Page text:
Could we be looking at $1+ billion from Kalydeco alone and up to $5 billion from the combined regimen, to give $6 billion yearly sales? If so, an 8X sales stock price, which is approximately where larger peers Gilead Sciences (NASDAQ:GILD) and Celgene (NASDAQ:CELG) trade on projected 2015 sales, suggests a $48 billion valuation for VRTX, more than double that achieved on Tuesday. My bias would tend to be more conservative for VRTX than for GILD and CELG, if for no other reason than the significant royalties that Vertex is paying, but Vertex's pipeline weakness is important as well. A haircut to 6-7X sales might be fairer, and still leaves room for the stock price to appreciate a good deal farther.
Other products and pipeline: VX-661 is a drug that is similar to lumacaftor. It showed good results in a small-scale trial recently, when given with ivacaftor. Vertex has been positioning it to be part of a 3-drug regimen that would treat especially refractory cases, but the results of that study were encouraging enough that Vertex has indicated that it may find other indications as well.
A drug for rheumatoid arthritis, VX-509, did well in Phase II trials and is awaiting a collaborator before undergoing additional testing.
Recently, Vertex announced that a drug to treat influenza, VX-787, has been licensed to Janssen, a subsidiary of Johnson & Johnson (NYSE:JNJ), following promising Phase IIa studies. The up-front payment was $30 million, with milestones and royalties possible.
Overall, this is a thin pipeline, reflecting, among other things, stringencies relating to the disappointment over Incivek.
If Vertex can find a way to treat what it estimates are an additional 17,000 or more patients who are especially difficult to treat, its revenues could exceed the above numbers. See slide 4 from the TRAFFIC-TRANSPORT presentation (linked to above) for an analysis by Vertex of its potential CF patient pool.
Risks: Upcoming competition and reimbursement levels are two prominent fundamental risks to VRTX. The sparse pipeline implies increased expenditures down the road. However, the RA drug might be a bit of a sleeper, if it surprises to the upside commercially.
Vertex shares have been unstable; Value Line lists VRTX as only being in the 15th percentile of stocks it follows for price stability. This price volatility surprisingly occurs with below-average correlation to the stock market as a whole; VRTX has a beta of only 0.80.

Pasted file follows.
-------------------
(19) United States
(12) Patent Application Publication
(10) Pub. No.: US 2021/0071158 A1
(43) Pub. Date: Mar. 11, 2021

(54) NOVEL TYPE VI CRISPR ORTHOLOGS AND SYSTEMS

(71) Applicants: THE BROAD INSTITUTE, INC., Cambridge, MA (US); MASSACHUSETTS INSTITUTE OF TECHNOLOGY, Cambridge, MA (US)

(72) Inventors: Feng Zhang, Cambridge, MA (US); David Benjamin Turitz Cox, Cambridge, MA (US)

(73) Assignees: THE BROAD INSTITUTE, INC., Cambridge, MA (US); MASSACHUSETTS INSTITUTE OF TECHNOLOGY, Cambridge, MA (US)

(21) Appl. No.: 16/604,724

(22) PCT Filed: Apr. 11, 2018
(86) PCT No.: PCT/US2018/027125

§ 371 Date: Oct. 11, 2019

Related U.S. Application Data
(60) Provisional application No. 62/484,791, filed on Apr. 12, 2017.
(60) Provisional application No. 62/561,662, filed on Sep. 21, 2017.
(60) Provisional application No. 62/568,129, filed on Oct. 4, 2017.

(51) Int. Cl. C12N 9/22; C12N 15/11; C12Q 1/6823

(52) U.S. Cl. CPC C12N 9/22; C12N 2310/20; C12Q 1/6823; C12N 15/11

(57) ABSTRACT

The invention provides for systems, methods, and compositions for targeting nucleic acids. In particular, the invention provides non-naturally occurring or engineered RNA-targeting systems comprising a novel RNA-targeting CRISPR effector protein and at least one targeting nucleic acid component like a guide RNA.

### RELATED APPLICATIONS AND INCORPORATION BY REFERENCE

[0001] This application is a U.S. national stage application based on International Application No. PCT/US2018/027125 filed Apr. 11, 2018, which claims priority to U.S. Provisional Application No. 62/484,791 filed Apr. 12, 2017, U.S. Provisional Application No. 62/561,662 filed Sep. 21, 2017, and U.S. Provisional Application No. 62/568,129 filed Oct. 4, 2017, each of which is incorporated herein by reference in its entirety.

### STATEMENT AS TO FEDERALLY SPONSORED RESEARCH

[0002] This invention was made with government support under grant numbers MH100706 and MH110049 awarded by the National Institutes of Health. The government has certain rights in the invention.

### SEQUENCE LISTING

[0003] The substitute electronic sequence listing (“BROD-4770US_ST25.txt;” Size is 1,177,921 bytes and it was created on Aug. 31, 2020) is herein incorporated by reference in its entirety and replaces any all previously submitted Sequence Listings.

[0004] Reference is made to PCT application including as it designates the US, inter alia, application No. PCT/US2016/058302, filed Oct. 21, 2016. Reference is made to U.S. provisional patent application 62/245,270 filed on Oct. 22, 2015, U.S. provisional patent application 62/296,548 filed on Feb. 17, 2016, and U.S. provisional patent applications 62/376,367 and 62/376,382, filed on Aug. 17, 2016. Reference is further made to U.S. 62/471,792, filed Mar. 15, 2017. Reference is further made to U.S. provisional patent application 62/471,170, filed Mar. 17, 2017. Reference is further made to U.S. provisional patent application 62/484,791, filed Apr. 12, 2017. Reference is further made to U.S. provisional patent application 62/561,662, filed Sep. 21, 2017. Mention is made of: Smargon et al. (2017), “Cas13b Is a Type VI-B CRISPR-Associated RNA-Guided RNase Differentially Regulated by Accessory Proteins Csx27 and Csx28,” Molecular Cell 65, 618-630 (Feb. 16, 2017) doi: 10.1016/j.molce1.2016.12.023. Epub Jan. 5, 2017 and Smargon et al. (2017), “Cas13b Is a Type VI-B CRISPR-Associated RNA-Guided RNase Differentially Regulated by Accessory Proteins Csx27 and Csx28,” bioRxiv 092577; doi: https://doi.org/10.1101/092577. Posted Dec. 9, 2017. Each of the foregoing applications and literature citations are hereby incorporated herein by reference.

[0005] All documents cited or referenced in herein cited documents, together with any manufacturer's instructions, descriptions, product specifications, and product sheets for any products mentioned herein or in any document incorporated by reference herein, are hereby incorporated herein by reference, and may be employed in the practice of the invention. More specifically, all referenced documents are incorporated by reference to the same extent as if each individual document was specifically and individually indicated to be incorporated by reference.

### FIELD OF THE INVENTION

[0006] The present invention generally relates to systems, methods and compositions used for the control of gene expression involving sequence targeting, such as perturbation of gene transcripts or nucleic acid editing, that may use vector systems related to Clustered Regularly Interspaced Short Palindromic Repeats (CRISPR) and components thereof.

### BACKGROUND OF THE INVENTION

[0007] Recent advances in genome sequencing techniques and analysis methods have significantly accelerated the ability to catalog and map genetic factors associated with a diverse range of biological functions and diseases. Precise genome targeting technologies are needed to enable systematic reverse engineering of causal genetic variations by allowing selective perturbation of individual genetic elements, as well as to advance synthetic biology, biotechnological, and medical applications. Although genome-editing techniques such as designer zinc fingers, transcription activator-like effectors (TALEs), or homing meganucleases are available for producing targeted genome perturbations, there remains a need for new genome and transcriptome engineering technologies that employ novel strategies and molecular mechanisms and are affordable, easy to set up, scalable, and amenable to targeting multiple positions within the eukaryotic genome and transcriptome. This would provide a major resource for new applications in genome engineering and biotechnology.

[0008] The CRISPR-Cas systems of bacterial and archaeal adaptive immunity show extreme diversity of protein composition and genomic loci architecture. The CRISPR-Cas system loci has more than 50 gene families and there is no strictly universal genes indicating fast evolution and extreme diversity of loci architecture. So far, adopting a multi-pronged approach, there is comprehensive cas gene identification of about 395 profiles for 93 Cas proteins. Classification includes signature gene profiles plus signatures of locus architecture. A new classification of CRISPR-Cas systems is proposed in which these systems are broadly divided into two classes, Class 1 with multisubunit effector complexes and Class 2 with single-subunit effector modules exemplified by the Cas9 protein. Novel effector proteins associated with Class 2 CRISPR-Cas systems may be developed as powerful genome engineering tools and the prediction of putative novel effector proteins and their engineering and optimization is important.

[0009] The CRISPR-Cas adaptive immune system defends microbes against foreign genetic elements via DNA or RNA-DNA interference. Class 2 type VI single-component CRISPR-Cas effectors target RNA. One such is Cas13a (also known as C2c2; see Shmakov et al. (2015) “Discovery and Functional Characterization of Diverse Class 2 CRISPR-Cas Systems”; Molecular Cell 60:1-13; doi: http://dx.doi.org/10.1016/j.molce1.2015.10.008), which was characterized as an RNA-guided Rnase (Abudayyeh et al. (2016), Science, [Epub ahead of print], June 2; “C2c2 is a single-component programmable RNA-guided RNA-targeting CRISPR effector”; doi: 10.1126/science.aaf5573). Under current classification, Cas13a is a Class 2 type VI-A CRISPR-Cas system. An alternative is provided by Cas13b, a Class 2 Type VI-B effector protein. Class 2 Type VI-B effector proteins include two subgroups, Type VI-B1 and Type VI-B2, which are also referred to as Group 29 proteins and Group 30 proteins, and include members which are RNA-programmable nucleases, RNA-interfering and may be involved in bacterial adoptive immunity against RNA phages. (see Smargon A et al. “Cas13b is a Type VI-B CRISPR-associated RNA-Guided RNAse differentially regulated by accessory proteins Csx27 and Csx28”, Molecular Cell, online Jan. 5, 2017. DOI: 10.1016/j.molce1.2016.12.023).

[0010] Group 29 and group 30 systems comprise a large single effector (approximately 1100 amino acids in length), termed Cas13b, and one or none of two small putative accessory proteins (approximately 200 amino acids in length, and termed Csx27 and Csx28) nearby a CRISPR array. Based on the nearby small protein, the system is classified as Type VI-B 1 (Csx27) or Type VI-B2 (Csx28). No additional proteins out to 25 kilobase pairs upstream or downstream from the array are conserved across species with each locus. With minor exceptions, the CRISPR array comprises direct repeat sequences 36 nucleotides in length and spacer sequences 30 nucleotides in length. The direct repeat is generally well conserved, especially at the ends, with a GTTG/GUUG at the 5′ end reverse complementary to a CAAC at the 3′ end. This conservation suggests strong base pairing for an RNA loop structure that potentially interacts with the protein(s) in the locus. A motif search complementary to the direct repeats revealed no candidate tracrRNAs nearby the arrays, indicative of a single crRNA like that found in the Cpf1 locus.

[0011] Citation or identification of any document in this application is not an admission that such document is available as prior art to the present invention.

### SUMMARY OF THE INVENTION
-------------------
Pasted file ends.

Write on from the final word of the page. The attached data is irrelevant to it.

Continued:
Dividends are unlikely to be paid this decade, in my view. The company does, however, have a strong net cash position, and if it becomes solidly profitable, it might surprise investors with cash dividends - but I doubt it.
Summary: When Mr. Market is in a good mood, it may be prone to both project multi-billion annual sales ad infinitum for Vertex and give the shares a high price:sales multiple. Because Vertex has actually been an innovative company, it is rational to capitalize it highly and trust that it will use a cheap currency - a highly-valued stock price - to acquire and internally develop new drugs which turn out to have high returns on invested capital. On the speculative basis that VRTX could double from current levels over the next two years, I took a small position in VRTX at the close of trading Tuesday. Vertex is a niche company that has repeatedly developed useful, innovative products. Given its very well-defined current focus and a price that remains (slightly) below a split-adjusted price it reached in Y2K, I think there is acceptable downside risk versus upside potential, and may add some additional shares if profit-taking ensues in the days ahead.
Disclosure: The author is long VRTX. The author wrote this article themselves, and it expresses their own opinions. The author is not receiving compensation for it (other than from Seeking Alpha). The author has no business relationship with any company whose stock is mentioned in this article.
Additional disclosure: Not investment advice. I am not an investment adviser.